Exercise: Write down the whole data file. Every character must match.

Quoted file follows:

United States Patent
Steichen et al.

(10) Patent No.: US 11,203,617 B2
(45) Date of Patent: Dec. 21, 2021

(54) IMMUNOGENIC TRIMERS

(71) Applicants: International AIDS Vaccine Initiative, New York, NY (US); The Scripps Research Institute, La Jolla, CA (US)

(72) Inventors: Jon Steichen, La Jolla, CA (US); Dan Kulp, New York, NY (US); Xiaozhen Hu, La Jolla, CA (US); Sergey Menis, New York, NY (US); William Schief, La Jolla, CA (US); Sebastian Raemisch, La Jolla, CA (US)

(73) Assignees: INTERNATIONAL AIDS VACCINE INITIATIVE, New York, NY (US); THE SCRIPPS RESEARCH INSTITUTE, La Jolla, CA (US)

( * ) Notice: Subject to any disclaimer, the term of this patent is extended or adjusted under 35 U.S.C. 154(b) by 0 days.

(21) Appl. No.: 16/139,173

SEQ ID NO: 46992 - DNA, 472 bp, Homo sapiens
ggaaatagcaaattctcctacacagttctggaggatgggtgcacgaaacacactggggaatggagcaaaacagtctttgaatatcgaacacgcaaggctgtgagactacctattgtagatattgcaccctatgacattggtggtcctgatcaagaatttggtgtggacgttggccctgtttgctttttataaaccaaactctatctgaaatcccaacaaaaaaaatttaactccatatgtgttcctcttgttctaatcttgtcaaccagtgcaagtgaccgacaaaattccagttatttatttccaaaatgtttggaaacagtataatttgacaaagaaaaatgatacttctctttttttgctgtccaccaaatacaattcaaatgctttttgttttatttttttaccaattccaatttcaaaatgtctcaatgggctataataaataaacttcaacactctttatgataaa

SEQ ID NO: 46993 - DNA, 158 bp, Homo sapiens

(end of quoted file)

United States Patent
Steichen et al.

(10) Patent No.: US 11,203,617 B2
(45) Date of Patent: Dec. 21, 2021

(54) IMMUNOGENIC TRIMERS

(71) Applicants: International AIDS Vaccine Initiative, New York, NY (US); The Scripps Research Institute, La Jolla, CA (US)

(72) Inventors: Jon Steichen, La Jolla, CA (US); Dan Kulp, New York, NY (US); Xiaozhen Hu, La Jolla, CA (US); Sergey Menis, New York, NY (US); William Schief, La Jolla, CA (US); Sebastian Raemisch, La Jolla, CA (US)

(73) Assignees: INTERNATIONAL AIDS VACCINE INITIATIVE, New York, NY (US); THE SCRIPPS RESEARCH INSTITUTE, La Jolla, CA (US)

( * ) Notice: Subject to any disclaimer, the term of this patent is extended or adjusted under 35 U.S.C. 154(b) by 0 days.

(21) Appl. No.: 16/139,173

SEQ ID NO: 46992 - DNA, 472 bp, Homo sapiens
ggaaatagcaaattctcctacacagttctggaggatgggtgcacgaaacacactggggaatggagcaaaacagtctttgaatatcgaacacgcaaggctgtgagactacctattgtagatattgcaccctatgacattggtggtcctgatcaagaatttggtgtggacgttggccctgtttgctttttataaaccaaactctatctgaaatcccaacaaaaaaaatttaactccatatgtgttcctcttgttctaatcttgtcaaccagtgcaagtgaccgacaaaattccagttatttatttccaaaatgtttggaaacagtataatttgacaaagaaaaatgatacttctctttttttgctgtccaccaaatacaattcaaatgctttttgttttatttttttaccaattccaatttcaaaatgtctcaatgggctataataaataaacttcaacactctttatgataaa

SEQ ID NO: 46993 - DNA, 158 bp, Homo sapiens